UPDATE: 11:55 a.m. -- Joran van der Sloot defied reports that he would plead guilty today at the opening of his Peruvian trial in the killing of Stefany Flores. Instead, the Dutchman requested more time before entering a plea and the trial was suspended until Jan. 11.
At the opening of his murder trial Friday in Peru, Joran van der Sloot's defense is expected to start with him pleading guilty, CNN reported.
Van der Sloot, a longtime suspect in the 2005 disappearance in Aruba of American teenager Natalee Holloway, is charged with first-degree murder and robbery for the May 2010 slaying of Stephany Flores, 21. Flores was found dead in his hotel room in Lima on June 2, 2010.
Peruvian prosecutors are seeking a 30-year prison sentence and $73,000 restitution for Flores' family. They allege van der Sloot’s motive was robbery.
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According to CNN, the 24-year-old Dutchman’s attorney, Luis Jimenez, said his client plans to plead guilty to all charges in the Flores case. Jimenez said the intention would be for van der Sloot to give a "sincere confession," which could qualify him for a more lenient sentence under Peruvian law, the cable news network reported.
Flores was killed on May 30, 2010 -- exactly five years after Holloway disappeared. The Alabama teen's body has never been found, and van der Sloot has never been charged in her disappearance. He was, however, indicted in the U.S. on charges that he extorted $25,000 from the young woman's parents. Prosecutors said that, in exchange for the money, he promised to reveal how Holloway died and the location of her body.
Van der Sloot's trial begins at 10:00 a.m. in Lima's Lurigancho prison near the Castro Castro prison. Unlike a typical American trial, there will be no jury. Instead, three judges will preside over the trial.
"I'm not surprised. ... They have suspended the hearing so they can have it clear," said Ricardo Flores, father of Stephany Flores. "I think it is good for my family, for the peace, that this should come to a conclusion quickly. I hope that the Peruvian authorities do not make a joke of the sentence. I think they should allow my family to have some peace, to be able to close this issue. ... We will not make any more statements."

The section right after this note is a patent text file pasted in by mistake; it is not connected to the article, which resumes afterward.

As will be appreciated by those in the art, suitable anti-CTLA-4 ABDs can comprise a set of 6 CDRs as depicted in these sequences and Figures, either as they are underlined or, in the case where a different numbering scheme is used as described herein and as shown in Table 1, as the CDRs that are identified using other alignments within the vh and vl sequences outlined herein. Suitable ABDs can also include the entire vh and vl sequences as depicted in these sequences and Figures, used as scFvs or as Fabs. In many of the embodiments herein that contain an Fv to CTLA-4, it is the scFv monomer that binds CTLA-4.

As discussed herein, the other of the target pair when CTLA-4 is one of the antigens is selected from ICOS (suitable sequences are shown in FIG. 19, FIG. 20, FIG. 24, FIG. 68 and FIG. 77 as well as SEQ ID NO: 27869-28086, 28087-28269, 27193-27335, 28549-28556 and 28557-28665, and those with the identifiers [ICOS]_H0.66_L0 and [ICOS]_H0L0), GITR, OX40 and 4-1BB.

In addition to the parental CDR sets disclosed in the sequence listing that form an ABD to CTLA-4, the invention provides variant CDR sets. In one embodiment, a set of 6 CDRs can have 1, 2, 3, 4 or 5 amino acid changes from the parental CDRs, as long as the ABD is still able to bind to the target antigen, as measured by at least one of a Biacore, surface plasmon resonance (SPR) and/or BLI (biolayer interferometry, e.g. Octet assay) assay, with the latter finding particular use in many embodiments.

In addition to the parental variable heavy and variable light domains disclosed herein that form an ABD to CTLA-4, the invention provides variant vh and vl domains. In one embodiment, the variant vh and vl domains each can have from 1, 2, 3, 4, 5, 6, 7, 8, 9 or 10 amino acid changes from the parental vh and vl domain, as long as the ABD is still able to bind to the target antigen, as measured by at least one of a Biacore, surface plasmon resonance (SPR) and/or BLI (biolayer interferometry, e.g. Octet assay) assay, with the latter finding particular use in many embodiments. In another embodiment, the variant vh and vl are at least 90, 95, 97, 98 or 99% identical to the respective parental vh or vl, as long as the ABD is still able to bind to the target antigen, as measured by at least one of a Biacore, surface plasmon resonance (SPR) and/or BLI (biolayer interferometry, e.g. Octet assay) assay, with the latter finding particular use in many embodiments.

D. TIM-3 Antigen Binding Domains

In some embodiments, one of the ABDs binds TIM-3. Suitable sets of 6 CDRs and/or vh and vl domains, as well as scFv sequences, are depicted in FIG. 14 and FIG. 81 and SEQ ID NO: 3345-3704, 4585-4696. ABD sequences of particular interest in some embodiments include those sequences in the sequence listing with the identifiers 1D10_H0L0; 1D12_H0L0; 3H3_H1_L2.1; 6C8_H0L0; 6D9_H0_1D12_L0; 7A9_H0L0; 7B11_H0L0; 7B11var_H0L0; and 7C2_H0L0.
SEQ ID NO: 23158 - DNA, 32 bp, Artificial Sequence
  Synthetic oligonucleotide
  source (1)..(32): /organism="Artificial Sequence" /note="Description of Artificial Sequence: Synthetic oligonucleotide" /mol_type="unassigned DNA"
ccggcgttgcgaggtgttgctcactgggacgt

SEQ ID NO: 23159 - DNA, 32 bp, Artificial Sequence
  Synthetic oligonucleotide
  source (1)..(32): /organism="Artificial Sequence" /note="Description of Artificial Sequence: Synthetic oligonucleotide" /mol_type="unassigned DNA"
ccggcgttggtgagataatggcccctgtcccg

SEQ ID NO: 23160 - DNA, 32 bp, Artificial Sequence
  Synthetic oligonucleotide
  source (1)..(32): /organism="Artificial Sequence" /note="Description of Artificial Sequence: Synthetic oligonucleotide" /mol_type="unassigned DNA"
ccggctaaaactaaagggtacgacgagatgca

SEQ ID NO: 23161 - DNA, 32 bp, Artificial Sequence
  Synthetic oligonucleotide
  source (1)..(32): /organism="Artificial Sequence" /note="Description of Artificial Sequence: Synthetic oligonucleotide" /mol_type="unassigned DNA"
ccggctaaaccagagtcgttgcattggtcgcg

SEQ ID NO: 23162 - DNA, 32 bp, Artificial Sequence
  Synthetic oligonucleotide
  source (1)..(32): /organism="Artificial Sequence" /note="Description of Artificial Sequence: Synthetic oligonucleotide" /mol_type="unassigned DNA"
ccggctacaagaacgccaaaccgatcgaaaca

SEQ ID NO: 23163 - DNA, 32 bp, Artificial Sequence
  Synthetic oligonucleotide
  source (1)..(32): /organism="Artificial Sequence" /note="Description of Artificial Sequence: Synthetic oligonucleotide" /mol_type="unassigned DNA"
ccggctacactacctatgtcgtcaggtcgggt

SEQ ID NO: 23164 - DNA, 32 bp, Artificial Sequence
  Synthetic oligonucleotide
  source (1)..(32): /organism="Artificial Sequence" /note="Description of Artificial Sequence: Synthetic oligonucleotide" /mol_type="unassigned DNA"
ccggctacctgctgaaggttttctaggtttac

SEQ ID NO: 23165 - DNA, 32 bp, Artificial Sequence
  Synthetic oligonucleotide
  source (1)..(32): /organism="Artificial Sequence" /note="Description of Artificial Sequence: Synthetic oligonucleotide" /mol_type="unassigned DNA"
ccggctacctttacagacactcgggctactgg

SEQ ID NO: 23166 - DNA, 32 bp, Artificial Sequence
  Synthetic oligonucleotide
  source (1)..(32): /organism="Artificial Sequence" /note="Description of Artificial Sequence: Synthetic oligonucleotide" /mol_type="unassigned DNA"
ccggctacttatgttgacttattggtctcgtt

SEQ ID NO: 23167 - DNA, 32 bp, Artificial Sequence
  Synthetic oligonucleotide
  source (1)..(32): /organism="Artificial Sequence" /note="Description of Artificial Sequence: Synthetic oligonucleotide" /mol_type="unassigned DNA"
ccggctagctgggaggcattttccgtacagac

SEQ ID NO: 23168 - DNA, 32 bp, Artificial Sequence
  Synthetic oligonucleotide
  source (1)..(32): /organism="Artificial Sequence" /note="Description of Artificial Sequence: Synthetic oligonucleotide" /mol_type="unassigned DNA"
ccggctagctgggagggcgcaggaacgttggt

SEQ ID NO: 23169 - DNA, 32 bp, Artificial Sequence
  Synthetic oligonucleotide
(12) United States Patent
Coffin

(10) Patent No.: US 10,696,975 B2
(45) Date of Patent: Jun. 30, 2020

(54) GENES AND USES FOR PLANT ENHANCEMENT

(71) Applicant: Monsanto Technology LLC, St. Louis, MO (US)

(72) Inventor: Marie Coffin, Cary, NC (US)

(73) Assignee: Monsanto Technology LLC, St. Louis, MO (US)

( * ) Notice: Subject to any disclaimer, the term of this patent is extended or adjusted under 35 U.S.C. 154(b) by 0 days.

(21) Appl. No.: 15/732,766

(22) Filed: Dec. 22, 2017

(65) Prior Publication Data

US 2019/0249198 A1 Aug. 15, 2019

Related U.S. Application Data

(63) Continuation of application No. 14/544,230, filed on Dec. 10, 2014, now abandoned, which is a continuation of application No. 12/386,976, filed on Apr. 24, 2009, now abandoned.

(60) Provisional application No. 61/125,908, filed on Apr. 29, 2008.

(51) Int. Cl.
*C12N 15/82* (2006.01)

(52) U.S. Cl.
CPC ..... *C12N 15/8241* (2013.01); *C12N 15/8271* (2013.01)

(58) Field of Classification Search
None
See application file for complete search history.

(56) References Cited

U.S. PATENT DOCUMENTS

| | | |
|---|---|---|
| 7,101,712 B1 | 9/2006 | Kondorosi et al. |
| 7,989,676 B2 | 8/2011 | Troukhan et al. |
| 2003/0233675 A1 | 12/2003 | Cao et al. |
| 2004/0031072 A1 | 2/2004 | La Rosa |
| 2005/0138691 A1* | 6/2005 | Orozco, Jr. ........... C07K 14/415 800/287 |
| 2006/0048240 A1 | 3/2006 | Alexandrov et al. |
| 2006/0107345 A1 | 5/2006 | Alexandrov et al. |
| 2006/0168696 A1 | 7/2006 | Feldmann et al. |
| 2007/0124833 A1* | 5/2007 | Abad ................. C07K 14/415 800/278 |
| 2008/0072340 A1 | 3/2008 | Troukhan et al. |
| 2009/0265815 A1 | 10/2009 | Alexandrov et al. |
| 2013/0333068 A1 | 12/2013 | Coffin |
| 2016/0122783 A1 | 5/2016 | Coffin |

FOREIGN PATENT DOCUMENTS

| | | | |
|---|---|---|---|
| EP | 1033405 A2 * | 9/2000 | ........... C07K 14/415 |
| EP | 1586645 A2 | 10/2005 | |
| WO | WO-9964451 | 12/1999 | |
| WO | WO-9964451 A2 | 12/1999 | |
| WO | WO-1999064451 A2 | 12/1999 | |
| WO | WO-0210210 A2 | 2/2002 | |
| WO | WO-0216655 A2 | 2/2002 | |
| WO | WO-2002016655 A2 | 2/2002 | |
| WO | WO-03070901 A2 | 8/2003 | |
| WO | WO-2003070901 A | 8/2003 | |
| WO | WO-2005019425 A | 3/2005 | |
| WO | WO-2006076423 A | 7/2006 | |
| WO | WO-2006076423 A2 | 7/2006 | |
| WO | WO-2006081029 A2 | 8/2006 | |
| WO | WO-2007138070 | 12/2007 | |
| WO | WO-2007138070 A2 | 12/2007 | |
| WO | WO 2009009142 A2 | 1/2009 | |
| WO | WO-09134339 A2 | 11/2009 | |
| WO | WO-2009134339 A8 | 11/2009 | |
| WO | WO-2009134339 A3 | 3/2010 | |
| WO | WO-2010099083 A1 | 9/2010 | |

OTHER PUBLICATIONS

Rather than enter a plea or make a confession, van der Sloot has requested more time to consider his options.
From the Associated Press: "Joran Van der Sloot attends his murder trial held at the San Jorge prison in Lima, Peru, Friday Jan. 6, 2012."
The defendant has put his bullet proof vest and jacket back on and is now being escorted out of the courtroom.
Despite pleas from from the prosecution, the judge has suspended the trial. The court plans to reconvene on Jan. 11 at 11:00 a.m.
Van der Sloot's attorney requests that the hearing be continued at a later date. The judges are entering private consultation to discuss the issue.
The judge has told the defendant, "You have heard the accusations. Do you understand?" Van der Sloot responds, "Yes."
"We request that the defendant receive 30 years in jail and pay 0,000 solace to the relatives of the victim."
"The prosecution will prove that the defendant attacked the victim brutally, attacked her with cruelty, hit her in various parts of her body, hit her face with violence, hit her head, took her pants off, strangled her with his own hands, and killed her ... The Prosecution will prove van der Sloot killed the victim will malice because the victim was totally defenseless ... The prosecution will prove the defendant is the person that ended the victim's life"
The prosecutor is currently describing how van der Sloot met his alleged victim -- says that the defendant met Flores and took her to his hotel room to play Internet poker.
Van der Sloot's lawyer says that his client is having difficulty understanding the proceedings, requests that everyone speak slowly.
From the Associated Press: "Ricardo Flores, father of slain Stephany Flores, speaks with journalists outside San Jorge prison before the trial of Joran Van der Sloot in the Lurigancho area of Lima, Peru, Friday Jan. 6, 2012."
The prosecutor explains that he has added some new witnesses, including a casino worker, who can testify about what, if any, conversations he overheard between van der Sloot and Flores, as well as three police officers, who the prosecution maintains are relevant on the basis that they will testify that van der Sloot's finger prints were in the hotel room and the victim's vehicle.
A judge is reviewing court briefs submitted in the case so that they can be entered into the record.
The defendant has expressed a variety of emotions on his face, ranging from a smile to agitation and anger.
Van der Sloot tells the judge that he understands "a little" Spanish, and that his native language is Dutch. Both Dutch and English translators are present to ensure that van der Sloot's "basic rights are respected," according to one judge.
A housekeeping worker and receptionist from the hotel where van der Sloot stayed have been sworn in.
Three female judges have entered and are seated in the courtroom.
He is seated, wearing a bullet proof vest with a suit jacket over it. Looking tired with bags under his eyes.
The courtroom is still waiting on van der Sloot and his attorney. At least a dozen media people are assembled in the gallery.
The media is sectioned off by a glass partition dividing the small prison-style courtroom, which is decorated with a large gold crucifix. A small group of spectators believed by the media to be relatives of the victim have also gathered in the gallery.